Have you already sourced local artisans / farmers to supply you the stock on a consignment basis? Or a potter who could offer on site pottery lesson : gardener offering gardening/composting hints and tips ; bead worker who could offer jewellery classes ; solar oven enthusiast who could give solar cooking lessons / ideas, etc.

    And – if a barn is not an option a the moment, is there a farmer who would “rent” you a small bit of land (right) next to a driveway / road and you thus started with an open air market? Just to start off the project – again, if it’s successful you could then look for a barn as a permanent home for your dream…

  2. Dani has given a couple of really good ideas.

    How about courses, lifestyle courses, henkeeping courses or something along those lines. If you do not have a suitable building to run them from or even a large kichen you could always rent the nearest village hall for a day.

    We went on lots of these when we were first starting out, people go for the knowledge of the talker, the friendship of the attendees and just to get a feel for something they are thinking of trying out. You simply work out an agenda for the day, with breaks for morning tea, lunch and afternoon coffee and cakes. If you supply all the food and drinks you can charge quite a good fee for the day. And if you can get hold of things to sell you can have a stall set up with things on it that tie up with your talk.

    Some companies will provide samples and leaflets for you to give out, so you can advertise the course as coming with a free goody bag, people like that!

    Just an idea. Good luck.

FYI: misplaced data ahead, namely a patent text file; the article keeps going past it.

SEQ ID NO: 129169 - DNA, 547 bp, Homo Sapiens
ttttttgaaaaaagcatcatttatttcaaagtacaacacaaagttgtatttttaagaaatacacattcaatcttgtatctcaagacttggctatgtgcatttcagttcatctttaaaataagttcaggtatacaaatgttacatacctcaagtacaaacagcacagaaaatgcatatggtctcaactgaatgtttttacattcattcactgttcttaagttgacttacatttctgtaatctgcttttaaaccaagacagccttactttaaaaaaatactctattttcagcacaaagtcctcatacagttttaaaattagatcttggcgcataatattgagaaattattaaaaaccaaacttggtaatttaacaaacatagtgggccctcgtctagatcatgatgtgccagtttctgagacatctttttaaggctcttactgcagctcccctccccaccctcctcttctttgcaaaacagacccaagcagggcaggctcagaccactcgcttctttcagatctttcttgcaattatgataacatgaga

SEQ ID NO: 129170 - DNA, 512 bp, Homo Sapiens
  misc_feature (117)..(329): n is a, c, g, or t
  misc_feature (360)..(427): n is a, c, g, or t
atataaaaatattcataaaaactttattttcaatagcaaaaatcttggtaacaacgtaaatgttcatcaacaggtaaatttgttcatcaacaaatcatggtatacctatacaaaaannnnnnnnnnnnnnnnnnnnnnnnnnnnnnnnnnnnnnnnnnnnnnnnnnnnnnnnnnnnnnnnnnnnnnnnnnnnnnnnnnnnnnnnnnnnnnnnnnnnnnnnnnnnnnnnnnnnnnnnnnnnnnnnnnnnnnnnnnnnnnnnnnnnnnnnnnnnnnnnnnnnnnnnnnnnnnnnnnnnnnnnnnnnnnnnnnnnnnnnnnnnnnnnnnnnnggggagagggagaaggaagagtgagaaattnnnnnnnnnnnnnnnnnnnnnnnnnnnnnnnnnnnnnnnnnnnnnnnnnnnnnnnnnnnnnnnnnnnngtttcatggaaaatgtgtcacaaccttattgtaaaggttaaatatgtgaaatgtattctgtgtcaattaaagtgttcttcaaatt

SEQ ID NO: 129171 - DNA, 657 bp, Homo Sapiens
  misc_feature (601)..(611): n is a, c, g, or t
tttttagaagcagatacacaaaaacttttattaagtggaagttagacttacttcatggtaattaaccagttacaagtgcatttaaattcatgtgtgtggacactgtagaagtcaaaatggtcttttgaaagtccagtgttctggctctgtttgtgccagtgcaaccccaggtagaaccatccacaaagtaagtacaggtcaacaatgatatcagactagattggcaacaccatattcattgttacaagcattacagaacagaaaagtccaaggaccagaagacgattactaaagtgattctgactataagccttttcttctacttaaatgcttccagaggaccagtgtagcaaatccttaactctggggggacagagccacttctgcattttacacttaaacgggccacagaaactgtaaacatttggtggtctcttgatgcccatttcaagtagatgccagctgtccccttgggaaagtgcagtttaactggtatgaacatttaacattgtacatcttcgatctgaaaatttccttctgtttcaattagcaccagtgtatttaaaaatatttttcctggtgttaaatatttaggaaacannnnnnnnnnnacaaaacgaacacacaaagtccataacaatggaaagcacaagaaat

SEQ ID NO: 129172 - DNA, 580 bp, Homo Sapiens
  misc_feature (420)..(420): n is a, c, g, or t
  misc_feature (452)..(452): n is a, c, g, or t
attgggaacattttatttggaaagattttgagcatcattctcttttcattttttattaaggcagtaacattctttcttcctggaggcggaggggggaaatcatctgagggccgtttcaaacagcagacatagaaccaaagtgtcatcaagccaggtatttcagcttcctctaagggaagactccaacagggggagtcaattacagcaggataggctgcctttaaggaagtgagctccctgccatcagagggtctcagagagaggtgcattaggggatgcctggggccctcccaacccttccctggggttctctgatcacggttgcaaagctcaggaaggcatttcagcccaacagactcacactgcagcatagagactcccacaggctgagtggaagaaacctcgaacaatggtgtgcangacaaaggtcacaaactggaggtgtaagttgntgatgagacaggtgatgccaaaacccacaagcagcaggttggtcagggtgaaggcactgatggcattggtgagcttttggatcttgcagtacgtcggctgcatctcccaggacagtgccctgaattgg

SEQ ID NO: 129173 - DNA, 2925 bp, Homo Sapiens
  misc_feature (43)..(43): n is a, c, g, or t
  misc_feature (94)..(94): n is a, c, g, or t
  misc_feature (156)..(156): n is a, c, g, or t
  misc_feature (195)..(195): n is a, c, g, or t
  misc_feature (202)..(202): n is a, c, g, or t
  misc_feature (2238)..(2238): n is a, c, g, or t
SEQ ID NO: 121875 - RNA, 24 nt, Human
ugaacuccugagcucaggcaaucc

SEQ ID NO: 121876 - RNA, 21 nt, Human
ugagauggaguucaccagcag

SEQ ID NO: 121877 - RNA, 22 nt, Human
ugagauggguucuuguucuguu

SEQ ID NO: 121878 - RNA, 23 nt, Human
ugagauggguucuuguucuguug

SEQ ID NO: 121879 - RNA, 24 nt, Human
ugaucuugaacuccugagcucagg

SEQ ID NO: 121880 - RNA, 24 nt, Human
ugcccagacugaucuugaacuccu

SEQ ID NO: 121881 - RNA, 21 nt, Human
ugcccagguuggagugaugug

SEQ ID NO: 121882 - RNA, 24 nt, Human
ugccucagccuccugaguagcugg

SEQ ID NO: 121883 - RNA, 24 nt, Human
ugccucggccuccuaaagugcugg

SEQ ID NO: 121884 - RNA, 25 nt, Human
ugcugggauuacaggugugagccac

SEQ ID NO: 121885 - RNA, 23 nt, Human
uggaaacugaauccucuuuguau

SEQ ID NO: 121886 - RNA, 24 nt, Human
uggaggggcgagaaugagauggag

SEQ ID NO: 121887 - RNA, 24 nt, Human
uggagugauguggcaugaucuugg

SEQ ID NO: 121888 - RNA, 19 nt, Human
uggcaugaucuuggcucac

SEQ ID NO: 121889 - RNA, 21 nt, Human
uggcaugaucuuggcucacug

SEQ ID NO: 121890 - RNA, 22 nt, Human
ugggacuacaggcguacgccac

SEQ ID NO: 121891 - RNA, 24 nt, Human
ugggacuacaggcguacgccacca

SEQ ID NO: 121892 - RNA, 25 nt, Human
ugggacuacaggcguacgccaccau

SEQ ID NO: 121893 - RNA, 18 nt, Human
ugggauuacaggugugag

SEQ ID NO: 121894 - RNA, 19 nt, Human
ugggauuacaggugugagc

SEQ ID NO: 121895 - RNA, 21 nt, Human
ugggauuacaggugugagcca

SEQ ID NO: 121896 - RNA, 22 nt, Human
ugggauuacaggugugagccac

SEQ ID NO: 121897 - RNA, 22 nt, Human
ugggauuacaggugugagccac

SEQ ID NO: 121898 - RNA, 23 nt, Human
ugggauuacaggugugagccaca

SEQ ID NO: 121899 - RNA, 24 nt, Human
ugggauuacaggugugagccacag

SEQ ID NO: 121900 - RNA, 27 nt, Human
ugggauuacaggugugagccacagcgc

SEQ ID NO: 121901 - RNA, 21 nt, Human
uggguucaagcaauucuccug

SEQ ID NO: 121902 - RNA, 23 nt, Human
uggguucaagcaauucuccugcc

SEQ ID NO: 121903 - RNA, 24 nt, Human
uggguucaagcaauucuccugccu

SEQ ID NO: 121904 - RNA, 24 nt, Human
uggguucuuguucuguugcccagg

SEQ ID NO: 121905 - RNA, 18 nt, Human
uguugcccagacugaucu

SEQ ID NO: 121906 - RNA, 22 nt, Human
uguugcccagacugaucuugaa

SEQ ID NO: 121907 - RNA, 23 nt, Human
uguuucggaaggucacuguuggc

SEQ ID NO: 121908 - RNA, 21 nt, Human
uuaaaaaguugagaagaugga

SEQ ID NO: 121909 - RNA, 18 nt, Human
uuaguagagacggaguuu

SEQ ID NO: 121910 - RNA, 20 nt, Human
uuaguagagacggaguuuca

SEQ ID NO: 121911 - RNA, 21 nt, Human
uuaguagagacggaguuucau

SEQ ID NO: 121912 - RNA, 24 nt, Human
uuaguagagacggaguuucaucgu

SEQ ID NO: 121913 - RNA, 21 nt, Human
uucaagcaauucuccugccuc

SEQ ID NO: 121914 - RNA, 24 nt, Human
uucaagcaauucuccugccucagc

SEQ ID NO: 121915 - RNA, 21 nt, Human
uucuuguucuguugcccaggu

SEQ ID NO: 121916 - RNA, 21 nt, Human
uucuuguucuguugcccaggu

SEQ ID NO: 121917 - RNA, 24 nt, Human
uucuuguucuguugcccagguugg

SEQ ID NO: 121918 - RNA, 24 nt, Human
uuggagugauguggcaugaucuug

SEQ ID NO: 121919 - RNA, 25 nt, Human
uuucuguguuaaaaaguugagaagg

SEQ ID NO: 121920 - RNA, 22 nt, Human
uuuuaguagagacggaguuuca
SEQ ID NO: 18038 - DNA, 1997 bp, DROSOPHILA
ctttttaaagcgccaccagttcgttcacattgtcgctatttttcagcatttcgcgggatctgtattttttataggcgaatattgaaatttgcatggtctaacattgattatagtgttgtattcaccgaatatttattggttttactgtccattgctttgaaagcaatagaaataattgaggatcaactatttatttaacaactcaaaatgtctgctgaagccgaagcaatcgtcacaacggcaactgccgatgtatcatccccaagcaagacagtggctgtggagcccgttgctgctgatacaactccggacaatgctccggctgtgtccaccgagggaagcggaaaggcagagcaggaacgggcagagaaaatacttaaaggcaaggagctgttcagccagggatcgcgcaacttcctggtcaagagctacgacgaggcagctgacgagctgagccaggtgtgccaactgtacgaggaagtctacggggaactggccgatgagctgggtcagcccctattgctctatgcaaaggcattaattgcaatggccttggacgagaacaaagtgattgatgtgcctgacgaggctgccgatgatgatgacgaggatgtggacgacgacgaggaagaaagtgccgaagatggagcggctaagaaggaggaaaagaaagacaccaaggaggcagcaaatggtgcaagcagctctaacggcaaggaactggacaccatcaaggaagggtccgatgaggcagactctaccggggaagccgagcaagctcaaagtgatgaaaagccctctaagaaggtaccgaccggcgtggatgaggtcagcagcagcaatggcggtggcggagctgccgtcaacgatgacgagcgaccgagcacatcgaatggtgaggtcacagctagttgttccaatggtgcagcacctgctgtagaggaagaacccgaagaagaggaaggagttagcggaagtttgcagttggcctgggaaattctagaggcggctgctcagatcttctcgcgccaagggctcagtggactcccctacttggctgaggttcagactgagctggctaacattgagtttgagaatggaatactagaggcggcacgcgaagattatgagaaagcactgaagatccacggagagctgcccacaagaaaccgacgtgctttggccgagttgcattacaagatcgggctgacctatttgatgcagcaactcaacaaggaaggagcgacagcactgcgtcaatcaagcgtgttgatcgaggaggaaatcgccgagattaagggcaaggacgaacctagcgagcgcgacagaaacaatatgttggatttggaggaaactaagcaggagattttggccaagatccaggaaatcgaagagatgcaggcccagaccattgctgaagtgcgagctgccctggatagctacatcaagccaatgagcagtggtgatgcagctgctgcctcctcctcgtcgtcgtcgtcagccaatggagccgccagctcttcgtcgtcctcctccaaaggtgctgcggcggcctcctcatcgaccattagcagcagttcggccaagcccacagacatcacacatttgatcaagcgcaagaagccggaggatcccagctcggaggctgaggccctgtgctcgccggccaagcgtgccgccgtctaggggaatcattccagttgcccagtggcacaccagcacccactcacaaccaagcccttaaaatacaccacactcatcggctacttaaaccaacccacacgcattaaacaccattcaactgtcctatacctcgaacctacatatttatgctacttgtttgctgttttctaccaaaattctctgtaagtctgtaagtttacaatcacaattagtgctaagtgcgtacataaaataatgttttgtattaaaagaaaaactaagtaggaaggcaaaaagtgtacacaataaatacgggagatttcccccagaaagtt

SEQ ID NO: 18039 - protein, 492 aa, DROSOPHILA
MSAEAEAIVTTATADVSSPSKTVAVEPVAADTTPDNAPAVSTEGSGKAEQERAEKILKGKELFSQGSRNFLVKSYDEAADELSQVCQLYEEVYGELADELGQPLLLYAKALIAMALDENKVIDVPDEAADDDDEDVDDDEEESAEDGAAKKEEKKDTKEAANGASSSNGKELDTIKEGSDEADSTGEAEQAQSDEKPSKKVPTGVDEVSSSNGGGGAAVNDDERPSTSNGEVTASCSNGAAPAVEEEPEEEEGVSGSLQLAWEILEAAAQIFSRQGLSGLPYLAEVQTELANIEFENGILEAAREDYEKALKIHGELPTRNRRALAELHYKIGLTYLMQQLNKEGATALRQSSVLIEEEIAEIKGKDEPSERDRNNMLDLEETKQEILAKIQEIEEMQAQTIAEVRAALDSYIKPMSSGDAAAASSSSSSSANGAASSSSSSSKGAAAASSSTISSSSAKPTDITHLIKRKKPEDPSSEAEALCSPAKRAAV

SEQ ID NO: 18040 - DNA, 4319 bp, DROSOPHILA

Sue xx

  3. This was in the local paper today, and I thought it fitting to pass on, refering to your “pipe dream”:

    “It is difficult to say what is impossible, for the dream of yesterday is the hope of today and the reality of tomorrow” – Robert Goddard. (Early American Rocket Engineer)

    Start small, invest your time wisely, and don’t be scared to try what you think is impossible. The biggest failure after all is to never try.

  4. Follow your dream! Or at least, while you have some space, spend some time thinking about what it would take to make it a reality. You may not have to come up with the money yourself – there are grants and suchlike to support the kind of thing you’re talking about, e.g.

  5. I don’t have much of use to add, just wanted to say that things always tend to work out so try not to lose any sleep over it. People are finding opportunities in the most unexpected of places these days! Janie x

  6. Blast! Sorry to hear of your wokin’ troubles Lucy.

    I work self-employed which is kind of freelance and it’s always been a knife edge of uncertainty – for the past 12 years! Like you, the plot was for growing veg and saving money/being greener etc. (and the chooks I got – your fault haha).

    If there’s one thing I learnt though, it’s that anything and I mean anything is possible. If you want to go and fulfill your dream then it’s all do-able.

    That feeling of not thinking it’s possible right now or that there’s no money to start? That’s how everyone else who starts up a business feels at first believe me. It always seems to be just out of reach. But it really isn’t. Just push it a bit and maybe you’ll suprise yourself. ๐Ÿ™‚

    I’ll be one your first customers.

  7. Hi Lucy; I found your blog/site after getting some ex-battery hens in September and totally relate to what you’re saying. I have a similar dream and am in the process of attempting to get my life in order to start to make it achievable! I think you just have to focus on each little part of it and then sooner or later (I hope) it’ll all reveal itself! I do the same list writing, planning and organising and such – I think it works a treat in helping to stay motivated (and I’m a massive nerd so I get a kick out of it as well!). Anyway, got my fingers crossed for you and hope things start to develop!!!


  8. That blows Lucy. I’m really sorry.

    Your vision may only be a dream, but then all successful endeavours were somebody’s dream once!

    If you do decide to find another part-time job, what about getting a foot in the door and learning the skills you might need for your dream at an artisan complex somwhere? Run that alongside the freelance copywriting and when you’re done with that job or when it comes to an end, go on to the next opportunity that gives you the skills you’ll need to fulfil your dream. Keep talking about your dream and posting on forums about it and one day things will start to happen.